Here’s some advice from privacy experts if you believe you’ve become
vulnerable to identity theft.
— First, prepare yourself for a long, hard slog through a bureaucratic
maze. Get organized — keep a file with all your paperwork, including
the names and numbers of everyone you contact.
— File as detailed a police report as possible. Send copies to
creditors and other agencies that may require proof of the crime. Get
the phone number of your investigator and give it to creditors. In all
communications, use certified, return receipt mail.
— Report that you may be the victim of identity theft with at least
one of the three major credit bureaus — Equifax (www.equifax.com or
800-685-1111), Experian (www.experian.com or 888-397-3742) or
TransUnion (www.transunion.com or 800-888-4213). That bureau is
required to notify the other two.
— Be sure to get your unique case number, and ask the bureau to send
you a credit report. Read it carefully for any suspicious activity.
— Tell the bureau to issue a “fraud alert,” which requires mortgage
brokers, car dealers, credit card companies and other lenders to
scrutinize anyone who opens an account in your name for 90 days. Also,
ask for the document you need to file a long-term fraud alert, which
lasts for seven years, and can be canceled at any time.
— Ask the bureau for names and phone numbers of lenders with whom
fraudulent accounts have been opened (since this information may not be
included on the credit report). Tell the bureau to remove inquiries
generated due to fraud, since even a small number of inquiries can harm
your credit rating.
— Tell the bureau to notify anyone who received your report in the
last six months that you are disputing the information. The credit
bureaus will alert any employer who has asked for the report in the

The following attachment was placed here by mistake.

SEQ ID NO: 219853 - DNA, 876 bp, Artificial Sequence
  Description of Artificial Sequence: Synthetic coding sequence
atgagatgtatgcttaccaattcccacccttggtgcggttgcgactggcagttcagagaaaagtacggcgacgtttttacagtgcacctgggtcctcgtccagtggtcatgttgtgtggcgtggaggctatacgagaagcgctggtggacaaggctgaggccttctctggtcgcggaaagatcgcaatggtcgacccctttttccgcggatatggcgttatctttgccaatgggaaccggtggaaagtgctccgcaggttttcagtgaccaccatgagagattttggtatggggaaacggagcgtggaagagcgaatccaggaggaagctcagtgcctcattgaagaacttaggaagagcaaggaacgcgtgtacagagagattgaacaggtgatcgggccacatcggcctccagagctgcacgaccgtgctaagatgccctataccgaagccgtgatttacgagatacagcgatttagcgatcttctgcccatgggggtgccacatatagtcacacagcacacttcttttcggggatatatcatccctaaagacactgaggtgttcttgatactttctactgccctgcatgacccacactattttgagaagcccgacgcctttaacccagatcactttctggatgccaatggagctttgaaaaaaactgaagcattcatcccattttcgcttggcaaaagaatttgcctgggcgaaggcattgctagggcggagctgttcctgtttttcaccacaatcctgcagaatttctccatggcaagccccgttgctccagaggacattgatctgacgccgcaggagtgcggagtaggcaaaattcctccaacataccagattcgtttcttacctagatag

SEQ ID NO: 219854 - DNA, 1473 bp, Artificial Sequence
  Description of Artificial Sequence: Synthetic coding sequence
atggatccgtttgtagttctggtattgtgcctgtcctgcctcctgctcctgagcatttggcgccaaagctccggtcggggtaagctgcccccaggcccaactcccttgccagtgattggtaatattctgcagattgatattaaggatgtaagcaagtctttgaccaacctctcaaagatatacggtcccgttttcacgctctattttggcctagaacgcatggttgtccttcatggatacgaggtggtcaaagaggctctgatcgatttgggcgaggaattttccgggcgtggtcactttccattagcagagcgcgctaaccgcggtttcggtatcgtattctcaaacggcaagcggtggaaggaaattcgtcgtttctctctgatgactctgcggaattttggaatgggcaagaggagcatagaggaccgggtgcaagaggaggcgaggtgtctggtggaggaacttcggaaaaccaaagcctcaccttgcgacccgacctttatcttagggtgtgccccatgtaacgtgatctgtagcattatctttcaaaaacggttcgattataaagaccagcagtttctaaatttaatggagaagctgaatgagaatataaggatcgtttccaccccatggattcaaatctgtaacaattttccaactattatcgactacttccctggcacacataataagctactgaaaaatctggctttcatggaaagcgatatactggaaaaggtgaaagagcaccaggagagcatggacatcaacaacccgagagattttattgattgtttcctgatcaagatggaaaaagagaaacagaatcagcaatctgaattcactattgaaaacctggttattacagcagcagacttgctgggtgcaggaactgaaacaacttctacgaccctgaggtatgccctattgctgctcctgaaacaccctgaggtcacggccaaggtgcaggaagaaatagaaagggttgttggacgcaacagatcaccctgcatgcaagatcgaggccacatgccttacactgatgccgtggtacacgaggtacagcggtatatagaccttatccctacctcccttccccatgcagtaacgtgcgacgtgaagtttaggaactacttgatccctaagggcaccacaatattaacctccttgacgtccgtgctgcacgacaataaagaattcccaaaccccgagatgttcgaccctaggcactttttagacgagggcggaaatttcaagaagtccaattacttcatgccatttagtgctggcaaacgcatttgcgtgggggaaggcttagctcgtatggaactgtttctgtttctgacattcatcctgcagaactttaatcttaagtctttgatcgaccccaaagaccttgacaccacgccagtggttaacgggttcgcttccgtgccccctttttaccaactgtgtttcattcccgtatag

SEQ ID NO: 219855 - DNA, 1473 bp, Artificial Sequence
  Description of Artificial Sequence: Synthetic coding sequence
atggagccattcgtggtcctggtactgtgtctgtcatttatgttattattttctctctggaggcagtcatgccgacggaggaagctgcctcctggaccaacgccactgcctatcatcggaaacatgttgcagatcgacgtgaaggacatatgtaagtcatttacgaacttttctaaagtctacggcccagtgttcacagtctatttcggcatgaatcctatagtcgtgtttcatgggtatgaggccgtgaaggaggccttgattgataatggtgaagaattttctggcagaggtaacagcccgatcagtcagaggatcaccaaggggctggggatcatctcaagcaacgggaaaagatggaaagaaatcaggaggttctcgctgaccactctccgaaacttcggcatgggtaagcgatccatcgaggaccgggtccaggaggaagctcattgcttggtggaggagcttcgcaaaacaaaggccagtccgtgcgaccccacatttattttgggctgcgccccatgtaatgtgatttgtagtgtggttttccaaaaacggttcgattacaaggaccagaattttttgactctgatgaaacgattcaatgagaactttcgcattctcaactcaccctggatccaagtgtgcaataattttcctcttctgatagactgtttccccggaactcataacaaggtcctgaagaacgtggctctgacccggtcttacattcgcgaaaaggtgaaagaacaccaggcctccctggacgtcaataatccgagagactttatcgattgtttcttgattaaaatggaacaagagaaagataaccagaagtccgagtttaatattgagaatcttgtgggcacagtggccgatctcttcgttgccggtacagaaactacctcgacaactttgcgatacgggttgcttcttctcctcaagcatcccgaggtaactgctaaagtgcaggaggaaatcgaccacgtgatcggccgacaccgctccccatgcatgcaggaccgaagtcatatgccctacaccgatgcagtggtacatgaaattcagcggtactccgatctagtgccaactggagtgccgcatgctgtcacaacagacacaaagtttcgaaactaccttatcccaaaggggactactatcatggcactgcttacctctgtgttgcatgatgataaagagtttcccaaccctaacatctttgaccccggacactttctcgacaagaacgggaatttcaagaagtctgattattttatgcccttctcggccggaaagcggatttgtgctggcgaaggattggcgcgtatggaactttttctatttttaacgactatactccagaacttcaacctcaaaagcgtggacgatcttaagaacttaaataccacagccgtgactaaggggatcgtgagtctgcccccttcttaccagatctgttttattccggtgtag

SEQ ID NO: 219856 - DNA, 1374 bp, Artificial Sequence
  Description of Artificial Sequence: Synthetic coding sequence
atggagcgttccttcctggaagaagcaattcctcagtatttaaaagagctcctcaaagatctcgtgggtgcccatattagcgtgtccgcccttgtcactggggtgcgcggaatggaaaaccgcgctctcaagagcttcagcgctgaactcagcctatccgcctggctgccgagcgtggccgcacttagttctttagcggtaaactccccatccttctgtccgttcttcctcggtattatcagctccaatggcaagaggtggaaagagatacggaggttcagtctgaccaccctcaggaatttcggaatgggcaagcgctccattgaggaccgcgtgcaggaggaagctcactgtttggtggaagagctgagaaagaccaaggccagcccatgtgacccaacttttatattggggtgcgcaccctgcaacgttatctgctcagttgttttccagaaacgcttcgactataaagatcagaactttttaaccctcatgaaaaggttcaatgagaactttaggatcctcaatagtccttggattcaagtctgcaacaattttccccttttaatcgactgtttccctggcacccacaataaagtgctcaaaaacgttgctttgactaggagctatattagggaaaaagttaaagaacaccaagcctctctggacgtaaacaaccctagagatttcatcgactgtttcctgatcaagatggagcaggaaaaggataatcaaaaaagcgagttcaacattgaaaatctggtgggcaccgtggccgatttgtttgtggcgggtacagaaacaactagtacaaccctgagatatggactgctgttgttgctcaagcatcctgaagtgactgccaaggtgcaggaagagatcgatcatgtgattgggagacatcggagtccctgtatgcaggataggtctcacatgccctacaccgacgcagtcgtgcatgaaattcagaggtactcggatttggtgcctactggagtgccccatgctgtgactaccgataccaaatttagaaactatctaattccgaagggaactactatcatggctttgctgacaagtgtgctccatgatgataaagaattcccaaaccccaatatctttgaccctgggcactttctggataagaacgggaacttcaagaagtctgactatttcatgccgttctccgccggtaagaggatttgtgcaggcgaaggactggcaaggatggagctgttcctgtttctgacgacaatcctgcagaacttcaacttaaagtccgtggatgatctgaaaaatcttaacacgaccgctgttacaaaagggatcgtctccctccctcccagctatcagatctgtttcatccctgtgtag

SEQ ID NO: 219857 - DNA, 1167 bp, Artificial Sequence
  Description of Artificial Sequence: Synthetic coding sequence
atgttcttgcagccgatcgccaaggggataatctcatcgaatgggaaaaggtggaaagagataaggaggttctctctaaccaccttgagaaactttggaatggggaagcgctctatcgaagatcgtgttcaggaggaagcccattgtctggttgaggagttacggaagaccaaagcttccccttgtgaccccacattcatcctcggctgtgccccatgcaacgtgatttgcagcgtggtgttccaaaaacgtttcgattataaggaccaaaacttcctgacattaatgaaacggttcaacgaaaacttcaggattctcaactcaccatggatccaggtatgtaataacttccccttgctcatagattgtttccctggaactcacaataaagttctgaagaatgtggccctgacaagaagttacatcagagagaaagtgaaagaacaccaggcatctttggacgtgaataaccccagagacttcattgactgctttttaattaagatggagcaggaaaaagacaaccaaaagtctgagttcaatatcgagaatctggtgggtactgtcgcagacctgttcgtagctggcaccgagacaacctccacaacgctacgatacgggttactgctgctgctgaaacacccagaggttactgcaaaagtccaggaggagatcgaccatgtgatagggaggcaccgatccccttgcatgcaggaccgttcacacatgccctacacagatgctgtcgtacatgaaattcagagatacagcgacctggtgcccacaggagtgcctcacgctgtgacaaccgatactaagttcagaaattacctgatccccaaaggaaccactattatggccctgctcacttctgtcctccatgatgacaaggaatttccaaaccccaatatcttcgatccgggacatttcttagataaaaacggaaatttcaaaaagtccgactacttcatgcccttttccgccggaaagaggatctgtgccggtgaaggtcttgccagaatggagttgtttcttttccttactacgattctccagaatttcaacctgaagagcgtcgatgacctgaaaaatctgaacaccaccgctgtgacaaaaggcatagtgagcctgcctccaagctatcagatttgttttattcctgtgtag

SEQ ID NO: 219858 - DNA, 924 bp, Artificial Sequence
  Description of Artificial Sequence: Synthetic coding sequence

last two years.
— Californians can order a “credit freeze” with all three major credit
bureaus (call the same numbers as above). This requires lenders,
retailers, utilities and other businesses to get special access to your
credit report through a PIN-based system and helps prevent anyone from
getting any new loans and credit in your name. Vermont, Texas and
Louisiana have similar freeze laws going into effect later this year,
and bills have been introduced in 12 other states.
— Call credit card companies directly. Although financial institutions
are supposed to see your fraud alerts, the data isn’t always shared
immediately. Credit card companies generally forgive consumers for
fraudulent transactions but late payments — even on credit cards you
didn’t open — can damage your rating.
— Fill out fraud affidavits for creditors. The Federal Trade
Commission provides a form that many creditors accept.
— If your credit cards have been used fraudulently, get replacements
with new account numbers and close your old accounts.
— Monitor mail for any suspicious increase or decrease in volume or
strange bills, and be on the lookout particularly for change-of-address
forms. The post office must send notifications to your old and new
addresses if someone tries to change your mailing address — a major
tip-off that you’ve been victimized.
— If debt collectors demand payment of fraudulent accounts, write down
the name of the company, the collector’s name, phone number and
address. Tell the collector you’re a victim of fraud. Send a letter
with the FTC form filled out.